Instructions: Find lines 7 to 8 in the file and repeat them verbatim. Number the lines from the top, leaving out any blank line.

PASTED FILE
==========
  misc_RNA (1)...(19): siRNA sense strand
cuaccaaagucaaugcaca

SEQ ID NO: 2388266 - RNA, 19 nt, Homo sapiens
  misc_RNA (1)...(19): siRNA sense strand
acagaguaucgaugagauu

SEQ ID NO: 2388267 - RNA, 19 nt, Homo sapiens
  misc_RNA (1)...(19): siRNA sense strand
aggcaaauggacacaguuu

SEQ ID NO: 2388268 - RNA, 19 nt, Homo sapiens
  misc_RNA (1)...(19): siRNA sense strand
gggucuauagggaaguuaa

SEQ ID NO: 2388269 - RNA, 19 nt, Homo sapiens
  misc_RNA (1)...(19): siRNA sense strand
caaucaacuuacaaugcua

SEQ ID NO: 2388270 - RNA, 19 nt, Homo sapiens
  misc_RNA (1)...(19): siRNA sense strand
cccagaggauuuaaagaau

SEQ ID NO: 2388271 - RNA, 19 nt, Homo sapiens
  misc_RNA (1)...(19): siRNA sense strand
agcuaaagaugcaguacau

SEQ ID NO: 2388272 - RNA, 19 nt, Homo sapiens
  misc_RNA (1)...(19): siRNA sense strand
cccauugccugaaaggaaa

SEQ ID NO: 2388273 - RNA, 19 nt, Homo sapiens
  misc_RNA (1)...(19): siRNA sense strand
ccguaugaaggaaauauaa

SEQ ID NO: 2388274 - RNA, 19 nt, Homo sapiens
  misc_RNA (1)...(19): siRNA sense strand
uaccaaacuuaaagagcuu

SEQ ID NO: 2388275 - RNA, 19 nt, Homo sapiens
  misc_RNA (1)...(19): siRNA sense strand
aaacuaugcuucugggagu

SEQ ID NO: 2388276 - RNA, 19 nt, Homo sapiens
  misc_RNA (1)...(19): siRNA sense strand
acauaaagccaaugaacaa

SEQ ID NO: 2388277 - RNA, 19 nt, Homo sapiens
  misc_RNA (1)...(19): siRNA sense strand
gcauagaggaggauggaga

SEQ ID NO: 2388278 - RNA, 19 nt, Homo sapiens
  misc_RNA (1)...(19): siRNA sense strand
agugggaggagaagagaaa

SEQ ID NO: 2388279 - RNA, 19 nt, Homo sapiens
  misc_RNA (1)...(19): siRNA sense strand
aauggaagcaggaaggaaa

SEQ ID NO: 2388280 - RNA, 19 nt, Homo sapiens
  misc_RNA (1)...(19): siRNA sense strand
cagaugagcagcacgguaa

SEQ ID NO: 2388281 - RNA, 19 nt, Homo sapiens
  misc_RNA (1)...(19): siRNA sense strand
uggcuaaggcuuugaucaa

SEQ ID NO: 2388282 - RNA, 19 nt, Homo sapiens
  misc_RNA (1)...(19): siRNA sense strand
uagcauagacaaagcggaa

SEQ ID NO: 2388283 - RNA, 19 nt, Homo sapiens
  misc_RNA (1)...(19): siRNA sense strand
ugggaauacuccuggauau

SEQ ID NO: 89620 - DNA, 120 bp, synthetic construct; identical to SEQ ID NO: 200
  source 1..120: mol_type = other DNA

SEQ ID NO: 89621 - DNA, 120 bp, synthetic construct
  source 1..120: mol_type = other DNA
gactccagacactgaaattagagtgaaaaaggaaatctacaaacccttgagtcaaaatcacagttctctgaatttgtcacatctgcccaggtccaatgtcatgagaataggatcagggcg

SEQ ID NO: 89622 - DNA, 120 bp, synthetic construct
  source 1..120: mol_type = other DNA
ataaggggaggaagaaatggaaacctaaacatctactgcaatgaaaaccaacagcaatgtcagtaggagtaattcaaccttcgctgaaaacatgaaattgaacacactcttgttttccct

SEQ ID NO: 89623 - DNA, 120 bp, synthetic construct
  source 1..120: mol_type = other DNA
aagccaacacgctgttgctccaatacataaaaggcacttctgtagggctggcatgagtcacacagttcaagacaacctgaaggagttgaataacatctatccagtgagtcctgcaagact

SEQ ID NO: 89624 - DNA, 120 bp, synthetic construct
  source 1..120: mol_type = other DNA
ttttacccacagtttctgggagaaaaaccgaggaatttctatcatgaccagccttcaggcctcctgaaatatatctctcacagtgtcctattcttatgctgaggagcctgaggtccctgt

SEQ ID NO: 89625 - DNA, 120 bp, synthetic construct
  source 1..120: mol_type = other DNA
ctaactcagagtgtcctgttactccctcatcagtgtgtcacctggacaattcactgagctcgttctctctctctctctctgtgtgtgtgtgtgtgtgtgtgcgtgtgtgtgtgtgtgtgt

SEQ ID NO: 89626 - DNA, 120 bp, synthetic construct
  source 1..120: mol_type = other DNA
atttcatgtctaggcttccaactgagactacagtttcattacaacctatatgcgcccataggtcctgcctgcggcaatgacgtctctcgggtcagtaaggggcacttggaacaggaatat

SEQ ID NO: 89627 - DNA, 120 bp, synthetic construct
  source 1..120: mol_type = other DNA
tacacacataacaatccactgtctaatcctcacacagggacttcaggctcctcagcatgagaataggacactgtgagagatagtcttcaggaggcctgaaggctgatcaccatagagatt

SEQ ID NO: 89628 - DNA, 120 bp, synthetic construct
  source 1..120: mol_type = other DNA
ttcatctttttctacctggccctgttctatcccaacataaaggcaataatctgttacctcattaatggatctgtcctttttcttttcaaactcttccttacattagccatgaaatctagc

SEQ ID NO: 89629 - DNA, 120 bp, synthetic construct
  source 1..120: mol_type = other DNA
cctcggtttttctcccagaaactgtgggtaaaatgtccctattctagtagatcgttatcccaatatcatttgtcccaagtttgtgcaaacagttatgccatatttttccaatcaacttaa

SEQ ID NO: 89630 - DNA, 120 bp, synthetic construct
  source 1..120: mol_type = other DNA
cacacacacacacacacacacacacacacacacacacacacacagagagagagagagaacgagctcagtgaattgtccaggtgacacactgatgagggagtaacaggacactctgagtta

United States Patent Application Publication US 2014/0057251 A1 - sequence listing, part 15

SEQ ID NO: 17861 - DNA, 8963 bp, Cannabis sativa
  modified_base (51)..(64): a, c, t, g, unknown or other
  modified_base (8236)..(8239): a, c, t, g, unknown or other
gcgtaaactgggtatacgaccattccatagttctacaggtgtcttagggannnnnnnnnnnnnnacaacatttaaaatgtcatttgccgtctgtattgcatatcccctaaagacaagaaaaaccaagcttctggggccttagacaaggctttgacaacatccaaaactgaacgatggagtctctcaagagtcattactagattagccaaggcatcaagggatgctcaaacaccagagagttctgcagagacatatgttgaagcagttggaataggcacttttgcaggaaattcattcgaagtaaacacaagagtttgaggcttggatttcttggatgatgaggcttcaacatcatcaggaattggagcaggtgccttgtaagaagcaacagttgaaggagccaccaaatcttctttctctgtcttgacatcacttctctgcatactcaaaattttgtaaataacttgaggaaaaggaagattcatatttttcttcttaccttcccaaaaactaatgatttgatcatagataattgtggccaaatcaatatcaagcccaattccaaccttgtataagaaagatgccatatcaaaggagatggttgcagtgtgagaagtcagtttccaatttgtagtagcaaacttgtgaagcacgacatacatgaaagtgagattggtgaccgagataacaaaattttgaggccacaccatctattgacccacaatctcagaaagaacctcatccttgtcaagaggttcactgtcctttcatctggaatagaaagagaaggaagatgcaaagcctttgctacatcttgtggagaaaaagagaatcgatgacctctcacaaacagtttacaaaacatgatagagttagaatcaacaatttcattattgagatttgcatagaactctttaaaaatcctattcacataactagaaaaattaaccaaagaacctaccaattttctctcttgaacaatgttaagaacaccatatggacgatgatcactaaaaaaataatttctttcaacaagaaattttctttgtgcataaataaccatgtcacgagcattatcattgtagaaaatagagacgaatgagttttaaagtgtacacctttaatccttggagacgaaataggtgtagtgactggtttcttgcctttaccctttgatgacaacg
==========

  misc_RNA (1)...(19): siRNA sense strand
aggcaaauggacacaguuu